Bloomberg New Energy Finance reported this week that a record number of coal plants were shuttered in the United States in 2015, a year that ended with more than 65% of global production running at a loss. The news just keeps getting bleaker for the dirtiest form of carbon energy, as reports point to decisive turns away from coal in both large (China and India) and small (Vietnam) Asian nations.
China, long associated with a heavy reliance on coal widely blamed there for severe air pollution as well greenhouse emissions, used less of the fuel in 2015 than it did in 2013, according to government statistics noted last month by Fatih Birol, head of the International Energy Agency.
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Relatively tiny Vietnam has also “signalled a reduced role for new coal-fired power stations in the country’s forthcoming power plans,” RenewEconomy reports, “and an expanded role for renewable energy.”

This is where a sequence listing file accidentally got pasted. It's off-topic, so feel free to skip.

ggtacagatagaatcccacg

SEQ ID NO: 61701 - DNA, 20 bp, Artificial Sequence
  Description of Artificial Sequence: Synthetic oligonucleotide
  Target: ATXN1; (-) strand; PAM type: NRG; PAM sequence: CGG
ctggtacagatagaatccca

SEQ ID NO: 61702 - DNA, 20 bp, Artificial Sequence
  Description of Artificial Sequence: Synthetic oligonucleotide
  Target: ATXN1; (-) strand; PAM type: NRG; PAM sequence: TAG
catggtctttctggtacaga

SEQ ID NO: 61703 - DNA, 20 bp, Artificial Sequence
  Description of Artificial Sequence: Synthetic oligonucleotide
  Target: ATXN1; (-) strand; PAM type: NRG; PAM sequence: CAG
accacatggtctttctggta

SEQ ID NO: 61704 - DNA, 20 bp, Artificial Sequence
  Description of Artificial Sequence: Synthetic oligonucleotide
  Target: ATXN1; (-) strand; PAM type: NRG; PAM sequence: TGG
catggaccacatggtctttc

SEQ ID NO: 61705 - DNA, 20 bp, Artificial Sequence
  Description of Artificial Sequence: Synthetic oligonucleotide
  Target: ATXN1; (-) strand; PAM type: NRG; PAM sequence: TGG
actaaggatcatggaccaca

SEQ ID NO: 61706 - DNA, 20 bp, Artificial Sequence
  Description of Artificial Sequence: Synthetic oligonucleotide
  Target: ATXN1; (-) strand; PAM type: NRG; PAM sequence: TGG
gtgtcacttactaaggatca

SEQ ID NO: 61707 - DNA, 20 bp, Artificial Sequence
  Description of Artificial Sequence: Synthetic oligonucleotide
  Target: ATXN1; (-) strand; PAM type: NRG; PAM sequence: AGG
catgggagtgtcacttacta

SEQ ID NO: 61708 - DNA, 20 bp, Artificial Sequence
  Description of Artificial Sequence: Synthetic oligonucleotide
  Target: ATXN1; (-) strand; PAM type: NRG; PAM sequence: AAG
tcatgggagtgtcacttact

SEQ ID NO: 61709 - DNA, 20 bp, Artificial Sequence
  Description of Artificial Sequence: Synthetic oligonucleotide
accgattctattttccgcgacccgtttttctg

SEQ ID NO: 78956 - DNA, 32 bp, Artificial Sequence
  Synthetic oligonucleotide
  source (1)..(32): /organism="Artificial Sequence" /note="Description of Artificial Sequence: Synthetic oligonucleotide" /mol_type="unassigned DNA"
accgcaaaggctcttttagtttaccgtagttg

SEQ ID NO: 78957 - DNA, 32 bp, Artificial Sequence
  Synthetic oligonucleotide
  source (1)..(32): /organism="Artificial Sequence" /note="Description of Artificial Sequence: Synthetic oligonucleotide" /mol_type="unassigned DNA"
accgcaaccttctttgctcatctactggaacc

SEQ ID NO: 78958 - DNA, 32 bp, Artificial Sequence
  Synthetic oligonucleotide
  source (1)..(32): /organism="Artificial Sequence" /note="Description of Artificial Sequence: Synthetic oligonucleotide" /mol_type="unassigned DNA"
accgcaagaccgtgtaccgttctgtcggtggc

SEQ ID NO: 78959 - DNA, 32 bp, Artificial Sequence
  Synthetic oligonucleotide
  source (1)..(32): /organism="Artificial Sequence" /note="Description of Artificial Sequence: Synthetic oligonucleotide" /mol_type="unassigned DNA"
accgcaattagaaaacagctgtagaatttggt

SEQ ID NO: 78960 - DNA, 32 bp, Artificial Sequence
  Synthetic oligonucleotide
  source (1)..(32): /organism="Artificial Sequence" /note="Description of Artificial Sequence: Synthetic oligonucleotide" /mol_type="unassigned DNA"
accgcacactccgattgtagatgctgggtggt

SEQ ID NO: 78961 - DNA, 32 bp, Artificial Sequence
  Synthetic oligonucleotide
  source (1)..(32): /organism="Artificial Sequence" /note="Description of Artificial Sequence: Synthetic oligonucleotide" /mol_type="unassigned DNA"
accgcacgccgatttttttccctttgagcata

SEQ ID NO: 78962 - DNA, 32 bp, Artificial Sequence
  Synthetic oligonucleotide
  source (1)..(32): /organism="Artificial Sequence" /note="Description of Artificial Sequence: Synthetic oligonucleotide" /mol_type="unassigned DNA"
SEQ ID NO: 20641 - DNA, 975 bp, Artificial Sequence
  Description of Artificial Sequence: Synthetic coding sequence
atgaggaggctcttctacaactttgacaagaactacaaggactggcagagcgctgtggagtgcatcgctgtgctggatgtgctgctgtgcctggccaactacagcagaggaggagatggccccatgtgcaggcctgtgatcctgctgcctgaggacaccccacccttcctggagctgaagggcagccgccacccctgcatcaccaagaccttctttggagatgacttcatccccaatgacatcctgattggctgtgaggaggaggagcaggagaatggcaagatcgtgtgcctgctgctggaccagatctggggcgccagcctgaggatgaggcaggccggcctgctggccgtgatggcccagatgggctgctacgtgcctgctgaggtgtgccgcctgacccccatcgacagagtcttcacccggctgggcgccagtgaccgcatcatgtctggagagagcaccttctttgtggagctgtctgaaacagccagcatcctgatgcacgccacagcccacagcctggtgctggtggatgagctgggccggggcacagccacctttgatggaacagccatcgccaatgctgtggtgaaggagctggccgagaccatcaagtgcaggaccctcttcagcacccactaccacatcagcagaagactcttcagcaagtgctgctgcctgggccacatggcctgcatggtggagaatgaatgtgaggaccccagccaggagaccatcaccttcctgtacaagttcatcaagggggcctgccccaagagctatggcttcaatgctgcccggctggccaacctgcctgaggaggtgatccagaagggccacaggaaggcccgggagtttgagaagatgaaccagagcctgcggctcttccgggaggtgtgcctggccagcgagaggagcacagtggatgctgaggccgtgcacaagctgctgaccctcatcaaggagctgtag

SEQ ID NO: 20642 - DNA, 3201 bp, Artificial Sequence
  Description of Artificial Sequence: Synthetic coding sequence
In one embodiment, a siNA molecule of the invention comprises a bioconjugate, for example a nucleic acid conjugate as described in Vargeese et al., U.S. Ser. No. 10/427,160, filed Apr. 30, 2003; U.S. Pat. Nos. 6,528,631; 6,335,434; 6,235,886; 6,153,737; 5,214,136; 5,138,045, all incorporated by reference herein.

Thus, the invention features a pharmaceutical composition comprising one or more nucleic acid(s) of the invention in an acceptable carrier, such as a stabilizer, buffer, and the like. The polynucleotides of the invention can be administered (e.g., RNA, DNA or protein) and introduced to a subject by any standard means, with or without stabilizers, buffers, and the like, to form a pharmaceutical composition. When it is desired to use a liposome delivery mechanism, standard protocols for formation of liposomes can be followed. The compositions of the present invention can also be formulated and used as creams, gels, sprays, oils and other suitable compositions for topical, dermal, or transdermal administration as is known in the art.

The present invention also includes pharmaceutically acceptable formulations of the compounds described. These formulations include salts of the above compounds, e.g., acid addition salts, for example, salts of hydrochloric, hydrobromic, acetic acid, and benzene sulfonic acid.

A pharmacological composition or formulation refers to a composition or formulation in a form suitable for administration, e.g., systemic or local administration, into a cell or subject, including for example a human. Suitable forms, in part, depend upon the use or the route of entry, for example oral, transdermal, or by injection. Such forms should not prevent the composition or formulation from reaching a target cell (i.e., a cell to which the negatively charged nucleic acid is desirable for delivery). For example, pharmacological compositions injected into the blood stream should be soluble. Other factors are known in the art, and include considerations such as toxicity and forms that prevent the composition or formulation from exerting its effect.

Burton cites an as-yet unofficial but potentially vastly more consequential shift in the region’s other mega-nation: India. China and Vietnam have made policy choices to shift away from coal. India’s government has gone the other way, ordering the national coal company, Coal India, to double its production by 2020.
Even in the face of that official policy, Burton reports multiple signs that Indians are turned away from coal. Courts have ordered sharp new restrictions on importers. One planned giant coal generating plant has been abandoned in favour of solar installation. And Coal India complains that it can’t sell the coal inventory it already holds.